The New York Times Best Sellers List
A recent curiosity for how things were going in Romancelandia had me perusing a sampling of March 2019 bestseller lists. The New York Times has done away with the Mass Market Fiction Best-seller List (which many of us former Big 5 editors took as our holy grail for all things successful Romance), so the new list is referred to as a Combined Print and EBook Fiction Best-seller list.
I found a number of aspects of this list interesting.
Two writers, Lisa Jackson (I edited 1 or 2 of her books back in the day) and Lisa Kleypas, have been around for a long time: always successful, always bestsellers and, rightly so, darlings of their respective genres. They are both still with the same traditional New York publishers that provide healthy budgets (which is fairly common).
These authors appear on bestseller lists with great frequency. Lisa Kleypas, who writes historical romance, has written a spin-off from a previous fan favorite. Lisa Jackson wrote a Contemporary Romance. The remaining writers are self-published.
Meghan March’s title is not a stand-alone, and book 1 is a must-read in this series. Elle Kennedy’s is also part of a series and appears to be in the New Adult genre. Susan Stoker’s book is the 13th in a series. And Penelope Ward’s book is a stand-alone Contemporary Romance.
Bestsellers in the Romance Category – March 2019
Luck of the Devil by Meghan March
This title is the second book in the Forge series. Each previous book ended with a cliffhanger. This is clearly stated in the blurbs, so a reader must read in order. The heroine is a professional poker player. The male lead is classic anti-hero. She bets a night of lovemaking and what ensues has been given lots of “HOT” comments. Some mention of the Fifty Shades books as comparison titles. Ward is known for her sexy writing. This couple stars in all three titles in the series.
Shelter for Quinn by Susan Stoker
This is the 13th title in Stoker’s Badge of Honor: Texas Heroes series. Stoker has only been on the scene since 2014 and has been incredibly prolific. Her SEAL series launched her into the spotlight. The Texas Heroes series revolves around a local fire station and police station. All her heroes are protective alphas who fall for flawed but strong heroines. The main characters from the earlier books in the series make cameos, which readers love.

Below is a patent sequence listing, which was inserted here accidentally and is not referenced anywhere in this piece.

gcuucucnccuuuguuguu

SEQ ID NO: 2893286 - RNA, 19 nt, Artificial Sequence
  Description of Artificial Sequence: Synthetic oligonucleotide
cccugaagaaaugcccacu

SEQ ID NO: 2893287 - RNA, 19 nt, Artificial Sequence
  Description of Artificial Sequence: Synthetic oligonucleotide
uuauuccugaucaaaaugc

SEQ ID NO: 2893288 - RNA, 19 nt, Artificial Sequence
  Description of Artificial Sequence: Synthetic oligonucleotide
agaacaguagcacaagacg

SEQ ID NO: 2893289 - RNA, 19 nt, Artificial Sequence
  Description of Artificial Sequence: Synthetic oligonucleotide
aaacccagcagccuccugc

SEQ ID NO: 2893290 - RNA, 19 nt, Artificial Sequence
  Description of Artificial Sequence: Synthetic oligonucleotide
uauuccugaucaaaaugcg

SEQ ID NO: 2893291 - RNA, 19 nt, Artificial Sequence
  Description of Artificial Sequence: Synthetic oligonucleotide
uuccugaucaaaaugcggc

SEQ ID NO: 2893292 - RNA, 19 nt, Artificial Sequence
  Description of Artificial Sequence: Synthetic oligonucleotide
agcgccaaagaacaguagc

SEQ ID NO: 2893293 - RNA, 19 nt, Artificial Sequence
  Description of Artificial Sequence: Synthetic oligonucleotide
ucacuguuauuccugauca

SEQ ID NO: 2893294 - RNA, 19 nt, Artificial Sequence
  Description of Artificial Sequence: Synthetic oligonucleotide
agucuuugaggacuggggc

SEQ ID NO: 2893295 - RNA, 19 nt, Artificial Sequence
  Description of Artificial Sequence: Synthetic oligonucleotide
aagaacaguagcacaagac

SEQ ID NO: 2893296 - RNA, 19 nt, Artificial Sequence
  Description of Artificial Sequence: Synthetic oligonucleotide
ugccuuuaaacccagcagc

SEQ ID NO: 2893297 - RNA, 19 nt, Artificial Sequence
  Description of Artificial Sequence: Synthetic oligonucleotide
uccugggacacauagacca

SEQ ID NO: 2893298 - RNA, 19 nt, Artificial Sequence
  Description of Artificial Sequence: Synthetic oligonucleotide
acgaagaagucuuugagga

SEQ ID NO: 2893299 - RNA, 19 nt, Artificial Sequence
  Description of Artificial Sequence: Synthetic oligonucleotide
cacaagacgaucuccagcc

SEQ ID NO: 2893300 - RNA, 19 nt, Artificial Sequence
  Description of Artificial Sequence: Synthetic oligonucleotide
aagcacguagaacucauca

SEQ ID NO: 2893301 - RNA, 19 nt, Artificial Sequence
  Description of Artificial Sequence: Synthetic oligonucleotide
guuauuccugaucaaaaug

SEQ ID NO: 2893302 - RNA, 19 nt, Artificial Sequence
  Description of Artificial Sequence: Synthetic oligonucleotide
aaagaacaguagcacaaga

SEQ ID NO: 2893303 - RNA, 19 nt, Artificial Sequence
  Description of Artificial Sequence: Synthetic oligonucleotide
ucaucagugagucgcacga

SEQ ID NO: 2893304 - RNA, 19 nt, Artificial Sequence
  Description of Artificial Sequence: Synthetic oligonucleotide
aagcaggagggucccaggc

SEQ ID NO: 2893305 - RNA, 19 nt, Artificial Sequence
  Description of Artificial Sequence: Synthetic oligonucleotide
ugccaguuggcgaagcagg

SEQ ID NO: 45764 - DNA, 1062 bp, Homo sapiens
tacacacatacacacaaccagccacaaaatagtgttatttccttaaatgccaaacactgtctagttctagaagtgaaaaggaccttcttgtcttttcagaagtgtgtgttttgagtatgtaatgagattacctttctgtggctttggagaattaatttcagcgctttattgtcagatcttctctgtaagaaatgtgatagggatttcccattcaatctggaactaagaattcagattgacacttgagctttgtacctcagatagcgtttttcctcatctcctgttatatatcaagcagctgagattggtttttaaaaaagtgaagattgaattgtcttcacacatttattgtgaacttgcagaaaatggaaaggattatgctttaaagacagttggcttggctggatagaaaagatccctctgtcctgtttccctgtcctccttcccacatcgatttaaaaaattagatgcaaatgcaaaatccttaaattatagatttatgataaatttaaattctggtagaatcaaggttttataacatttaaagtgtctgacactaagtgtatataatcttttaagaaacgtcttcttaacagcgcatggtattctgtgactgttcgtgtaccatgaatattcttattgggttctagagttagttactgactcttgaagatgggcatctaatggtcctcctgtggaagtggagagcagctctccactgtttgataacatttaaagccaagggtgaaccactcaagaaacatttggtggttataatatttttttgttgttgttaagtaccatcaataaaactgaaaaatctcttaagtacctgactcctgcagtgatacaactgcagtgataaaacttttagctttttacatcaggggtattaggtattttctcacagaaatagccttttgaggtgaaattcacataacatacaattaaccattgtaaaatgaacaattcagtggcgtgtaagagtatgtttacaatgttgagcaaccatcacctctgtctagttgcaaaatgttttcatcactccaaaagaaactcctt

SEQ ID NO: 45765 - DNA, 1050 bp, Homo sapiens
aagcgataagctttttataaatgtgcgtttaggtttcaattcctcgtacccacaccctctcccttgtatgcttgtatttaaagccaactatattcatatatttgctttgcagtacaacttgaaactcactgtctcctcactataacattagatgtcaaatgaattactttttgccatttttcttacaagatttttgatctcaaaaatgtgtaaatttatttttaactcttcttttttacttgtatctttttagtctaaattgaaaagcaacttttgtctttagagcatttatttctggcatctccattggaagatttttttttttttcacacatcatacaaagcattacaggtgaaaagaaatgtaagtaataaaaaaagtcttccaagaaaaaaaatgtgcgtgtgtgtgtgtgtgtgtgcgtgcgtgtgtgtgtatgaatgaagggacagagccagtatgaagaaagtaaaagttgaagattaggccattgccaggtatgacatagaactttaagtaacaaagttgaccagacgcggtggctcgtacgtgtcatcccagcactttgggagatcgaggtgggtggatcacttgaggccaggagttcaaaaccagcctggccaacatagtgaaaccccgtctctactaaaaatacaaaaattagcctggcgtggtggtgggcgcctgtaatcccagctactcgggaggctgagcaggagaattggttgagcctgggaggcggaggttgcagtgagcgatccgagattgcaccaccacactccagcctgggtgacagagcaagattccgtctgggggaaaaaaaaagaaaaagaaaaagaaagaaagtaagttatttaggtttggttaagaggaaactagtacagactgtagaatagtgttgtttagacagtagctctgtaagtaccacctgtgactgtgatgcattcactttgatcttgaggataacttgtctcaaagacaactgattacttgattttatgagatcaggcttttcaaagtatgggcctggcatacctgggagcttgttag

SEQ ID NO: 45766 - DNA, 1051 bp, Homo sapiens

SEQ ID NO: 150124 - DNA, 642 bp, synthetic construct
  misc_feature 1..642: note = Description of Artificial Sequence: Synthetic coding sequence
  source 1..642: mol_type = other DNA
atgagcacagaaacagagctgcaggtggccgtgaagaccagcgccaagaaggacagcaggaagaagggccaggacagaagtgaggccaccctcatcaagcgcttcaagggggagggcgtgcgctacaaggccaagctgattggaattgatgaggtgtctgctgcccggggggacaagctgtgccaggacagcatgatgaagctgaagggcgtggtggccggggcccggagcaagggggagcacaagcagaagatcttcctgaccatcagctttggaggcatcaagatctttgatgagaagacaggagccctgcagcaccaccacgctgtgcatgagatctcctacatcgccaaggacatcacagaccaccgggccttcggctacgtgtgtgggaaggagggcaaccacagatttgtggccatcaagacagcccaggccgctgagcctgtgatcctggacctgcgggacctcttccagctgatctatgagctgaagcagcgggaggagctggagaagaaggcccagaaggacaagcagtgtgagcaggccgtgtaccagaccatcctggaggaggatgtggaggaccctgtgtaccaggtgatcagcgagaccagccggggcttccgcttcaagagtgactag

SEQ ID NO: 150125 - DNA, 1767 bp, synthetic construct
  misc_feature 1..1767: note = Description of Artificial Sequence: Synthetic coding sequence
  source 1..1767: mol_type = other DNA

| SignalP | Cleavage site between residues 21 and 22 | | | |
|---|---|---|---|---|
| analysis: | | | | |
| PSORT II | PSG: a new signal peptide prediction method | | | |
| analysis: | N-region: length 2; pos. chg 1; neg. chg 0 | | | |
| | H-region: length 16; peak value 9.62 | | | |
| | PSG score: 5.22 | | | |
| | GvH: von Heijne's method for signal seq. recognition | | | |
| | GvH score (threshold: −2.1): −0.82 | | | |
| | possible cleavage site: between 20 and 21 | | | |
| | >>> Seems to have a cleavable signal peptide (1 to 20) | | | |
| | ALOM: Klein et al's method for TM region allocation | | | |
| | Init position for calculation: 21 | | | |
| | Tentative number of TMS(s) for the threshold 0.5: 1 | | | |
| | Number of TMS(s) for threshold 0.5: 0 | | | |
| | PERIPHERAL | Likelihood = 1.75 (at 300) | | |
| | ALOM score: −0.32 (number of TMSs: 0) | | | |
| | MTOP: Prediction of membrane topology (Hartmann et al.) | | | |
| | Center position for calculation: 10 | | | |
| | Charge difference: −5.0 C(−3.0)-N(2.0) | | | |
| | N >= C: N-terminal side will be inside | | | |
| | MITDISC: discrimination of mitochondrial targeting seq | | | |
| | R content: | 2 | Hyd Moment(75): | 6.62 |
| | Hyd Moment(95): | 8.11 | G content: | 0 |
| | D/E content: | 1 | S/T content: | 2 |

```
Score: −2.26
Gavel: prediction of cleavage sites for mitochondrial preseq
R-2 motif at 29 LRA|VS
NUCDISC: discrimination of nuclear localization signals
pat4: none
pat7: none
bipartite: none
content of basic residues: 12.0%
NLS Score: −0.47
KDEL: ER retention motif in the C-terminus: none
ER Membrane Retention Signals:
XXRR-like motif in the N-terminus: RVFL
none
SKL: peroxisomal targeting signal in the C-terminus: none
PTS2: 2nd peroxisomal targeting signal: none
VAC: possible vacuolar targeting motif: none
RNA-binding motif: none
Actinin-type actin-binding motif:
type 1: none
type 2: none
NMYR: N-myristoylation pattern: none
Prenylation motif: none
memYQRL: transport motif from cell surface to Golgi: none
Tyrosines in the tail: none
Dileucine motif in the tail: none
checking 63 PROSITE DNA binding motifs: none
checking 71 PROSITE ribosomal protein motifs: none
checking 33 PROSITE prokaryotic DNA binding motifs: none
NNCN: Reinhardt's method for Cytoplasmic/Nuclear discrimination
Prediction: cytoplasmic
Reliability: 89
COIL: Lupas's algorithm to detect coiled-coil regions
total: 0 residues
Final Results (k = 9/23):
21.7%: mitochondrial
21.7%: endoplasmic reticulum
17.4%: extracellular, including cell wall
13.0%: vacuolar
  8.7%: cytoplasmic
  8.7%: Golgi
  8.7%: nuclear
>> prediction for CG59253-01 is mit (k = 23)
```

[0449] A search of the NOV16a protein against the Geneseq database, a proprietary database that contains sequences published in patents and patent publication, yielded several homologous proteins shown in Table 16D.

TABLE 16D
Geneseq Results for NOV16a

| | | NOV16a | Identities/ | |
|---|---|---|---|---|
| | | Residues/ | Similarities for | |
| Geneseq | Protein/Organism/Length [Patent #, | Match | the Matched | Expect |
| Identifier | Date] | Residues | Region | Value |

Devil’s Daughter by Lisa Kleypas
Kleypas is a huge bestseller for Avon Books (has been for a long time), a fan and contest favorite. She always gets eye-catching covers. This latest title is a spin-off from an older fan favorite Romance, THE DEVIL IN WINTER. The couple featured in that title, now have children and this is their daughter, Phoebe’s, story. Her father is a fan favorite and there are varied reader reactions to his role in this new offering. Again, readers love when those old, familiar characters pop up!
The Risk by Elle Kennedy
This book is another College Campus/Off-Campus, sports hero offering in Kennedy’s Briar U series. Previous characters make cameos. Kennedy writes in first-person, laugh-out-loud style that seems to resonate with both New Adult and Contemporary Rom-Com audiences. Romantic Comedy is a hot and marketable Romance sub-genre these days. Keep an eye on Elle Kennedy!
Backlash by Lisa Jackson
Backlash is a repackaged compilation of two titles from Jackson’s backlist. Publishers often do this to keep whetting the reader’s appetites with either a compilation or a novella while they wait for the latest single title book to be written. The reviews I have seen aren’t stellar as it appears readers don’t go for the “old school” style of storytelling (titles from 1989). I’m guessing her legion of fans just scooped this up sight unseen (again, good cover art), and Western Romance, cowboys and cowgirls, holds great appeal. Lots of marketing going on here that seems to be working in terms of bestseller lists.
When August Ends by Penelope Ward
This is an older man/younger woman trope. The slow burn chemistry, emotional high notes, and sweet satisfaction, resonate from the reviews. The title is sort of interesting in that it evokes more Women’s Fiction perhaps, yet the cover art of the hot dude in sunglasses clearly states Romance!
This list highlights a real gamut of sub-genres, tropes, fan type, and interest areas for Romance. This bestseller list made me mostly happy (not quite diverse enough), because it’s a snapshot of the audience: varied, widely read, willing to try new things, faithful to older things, voracious.
Self-published titles can do very well. A lot depends on the packaging and the marketing blurb and those reviews. Romancelandia is alive and well. So many wonderful authors to discover!